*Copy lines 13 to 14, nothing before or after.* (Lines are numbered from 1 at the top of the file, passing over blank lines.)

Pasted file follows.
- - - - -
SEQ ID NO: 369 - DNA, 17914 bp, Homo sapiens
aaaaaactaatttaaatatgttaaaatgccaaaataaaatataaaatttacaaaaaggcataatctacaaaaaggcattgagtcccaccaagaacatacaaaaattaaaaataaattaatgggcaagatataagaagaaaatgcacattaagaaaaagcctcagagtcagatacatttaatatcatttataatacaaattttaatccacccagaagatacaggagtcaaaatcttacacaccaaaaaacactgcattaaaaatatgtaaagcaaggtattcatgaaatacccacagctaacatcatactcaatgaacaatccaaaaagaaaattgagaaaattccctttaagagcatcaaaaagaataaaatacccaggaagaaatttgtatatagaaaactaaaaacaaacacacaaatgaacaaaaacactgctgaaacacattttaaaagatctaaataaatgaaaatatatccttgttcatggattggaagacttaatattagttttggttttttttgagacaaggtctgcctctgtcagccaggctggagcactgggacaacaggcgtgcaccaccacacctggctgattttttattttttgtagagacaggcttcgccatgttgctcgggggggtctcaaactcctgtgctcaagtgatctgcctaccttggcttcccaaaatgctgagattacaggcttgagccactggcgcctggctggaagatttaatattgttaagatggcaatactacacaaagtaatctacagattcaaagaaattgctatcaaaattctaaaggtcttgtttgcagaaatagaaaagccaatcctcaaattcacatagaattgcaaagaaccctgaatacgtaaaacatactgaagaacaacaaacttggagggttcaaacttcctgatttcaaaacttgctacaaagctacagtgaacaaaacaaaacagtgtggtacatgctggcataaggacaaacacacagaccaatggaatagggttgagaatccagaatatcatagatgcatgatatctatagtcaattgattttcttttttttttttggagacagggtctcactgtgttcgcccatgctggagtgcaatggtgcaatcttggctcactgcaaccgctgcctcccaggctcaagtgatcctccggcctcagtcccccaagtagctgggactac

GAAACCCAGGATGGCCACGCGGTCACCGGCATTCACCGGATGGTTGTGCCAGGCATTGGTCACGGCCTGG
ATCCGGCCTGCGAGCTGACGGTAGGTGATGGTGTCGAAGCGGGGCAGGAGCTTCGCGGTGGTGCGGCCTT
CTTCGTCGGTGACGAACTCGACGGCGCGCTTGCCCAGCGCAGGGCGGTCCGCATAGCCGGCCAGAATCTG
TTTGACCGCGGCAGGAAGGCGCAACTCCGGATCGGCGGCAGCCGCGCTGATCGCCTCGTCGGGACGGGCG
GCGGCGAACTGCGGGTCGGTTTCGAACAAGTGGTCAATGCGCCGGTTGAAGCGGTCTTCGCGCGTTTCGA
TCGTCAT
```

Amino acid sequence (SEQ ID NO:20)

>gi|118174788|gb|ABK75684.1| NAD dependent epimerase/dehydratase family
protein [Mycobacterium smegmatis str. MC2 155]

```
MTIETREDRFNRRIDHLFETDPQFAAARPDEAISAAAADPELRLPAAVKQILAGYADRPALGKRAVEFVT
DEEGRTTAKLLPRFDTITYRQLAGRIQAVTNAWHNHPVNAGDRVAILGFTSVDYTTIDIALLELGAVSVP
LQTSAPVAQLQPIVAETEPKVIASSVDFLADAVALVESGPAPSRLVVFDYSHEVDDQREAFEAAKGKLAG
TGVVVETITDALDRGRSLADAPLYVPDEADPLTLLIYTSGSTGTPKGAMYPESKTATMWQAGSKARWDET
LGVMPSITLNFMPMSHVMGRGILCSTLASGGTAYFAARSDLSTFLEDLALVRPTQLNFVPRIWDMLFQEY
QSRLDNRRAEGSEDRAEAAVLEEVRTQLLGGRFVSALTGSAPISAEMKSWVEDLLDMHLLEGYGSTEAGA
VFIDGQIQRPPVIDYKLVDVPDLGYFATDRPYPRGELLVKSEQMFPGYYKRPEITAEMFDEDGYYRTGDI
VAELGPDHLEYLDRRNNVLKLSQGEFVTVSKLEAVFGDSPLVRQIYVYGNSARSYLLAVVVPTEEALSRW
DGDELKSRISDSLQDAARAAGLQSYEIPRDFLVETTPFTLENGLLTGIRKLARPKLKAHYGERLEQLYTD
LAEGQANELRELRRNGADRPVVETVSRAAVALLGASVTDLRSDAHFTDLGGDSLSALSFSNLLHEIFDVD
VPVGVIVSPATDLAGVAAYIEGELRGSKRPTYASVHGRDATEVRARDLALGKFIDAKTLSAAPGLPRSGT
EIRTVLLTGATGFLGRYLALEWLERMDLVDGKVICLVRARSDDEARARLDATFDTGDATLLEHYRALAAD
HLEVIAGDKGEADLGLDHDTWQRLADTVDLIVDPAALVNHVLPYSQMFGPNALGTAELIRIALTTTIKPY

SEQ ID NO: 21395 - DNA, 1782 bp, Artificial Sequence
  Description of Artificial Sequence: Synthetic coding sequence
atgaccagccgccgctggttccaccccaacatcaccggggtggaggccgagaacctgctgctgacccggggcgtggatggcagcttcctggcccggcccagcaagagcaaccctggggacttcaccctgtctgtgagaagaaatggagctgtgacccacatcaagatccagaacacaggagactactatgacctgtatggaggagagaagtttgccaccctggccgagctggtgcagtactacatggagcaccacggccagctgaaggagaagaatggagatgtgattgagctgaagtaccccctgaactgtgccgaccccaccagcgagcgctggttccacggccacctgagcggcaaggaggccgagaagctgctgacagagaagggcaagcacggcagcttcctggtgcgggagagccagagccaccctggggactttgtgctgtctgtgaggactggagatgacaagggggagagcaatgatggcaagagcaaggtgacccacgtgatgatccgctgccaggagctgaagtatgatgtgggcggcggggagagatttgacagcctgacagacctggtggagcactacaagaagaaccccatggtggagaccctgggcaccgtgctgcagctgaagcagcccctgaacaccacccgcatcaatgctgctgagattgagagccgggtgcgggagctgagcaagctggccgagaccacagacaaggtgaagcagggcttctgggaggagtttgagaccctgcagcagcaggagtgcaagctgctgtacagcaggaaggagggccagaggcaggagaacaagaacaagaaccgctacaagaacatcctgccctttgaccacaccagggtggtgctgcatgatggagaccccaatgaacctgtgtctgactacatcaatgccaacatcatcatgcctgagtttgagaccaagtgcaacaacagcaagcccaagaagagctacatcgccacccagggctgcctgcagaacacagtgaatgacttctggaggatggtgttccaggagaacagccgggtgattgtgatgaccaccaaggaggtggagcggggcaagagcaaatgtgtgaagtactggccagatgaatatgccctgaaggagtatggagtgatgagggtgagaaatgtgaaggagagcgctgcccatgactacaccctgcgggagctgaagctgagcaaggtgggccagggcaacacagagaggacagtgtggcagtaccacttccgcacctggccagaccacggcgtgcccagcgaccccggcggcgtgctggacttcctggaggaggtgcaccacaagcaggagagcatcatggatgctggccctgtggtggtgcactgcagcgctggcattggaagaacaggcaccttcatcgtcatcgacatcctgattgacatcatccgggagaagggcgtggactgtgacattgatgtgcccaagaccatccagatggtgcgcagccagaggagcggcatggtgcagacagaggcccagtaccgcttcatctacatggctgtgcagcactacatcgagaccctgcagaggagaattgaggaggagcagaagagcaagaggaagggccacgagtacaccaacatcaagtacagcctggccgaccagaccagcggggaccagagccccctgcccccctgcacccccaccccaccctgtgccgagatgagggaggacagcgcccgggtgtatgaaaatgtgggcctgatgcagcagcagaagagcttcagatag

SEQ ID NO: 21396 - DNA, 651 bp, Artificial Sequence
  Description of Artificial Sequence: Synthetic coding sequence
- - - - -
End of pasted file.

```
MTIETREDRFNRRIDHLFETDPQFAAARPDEAISAAAADPELRLPAAVKQILAGYADRPALGKRAVEFVT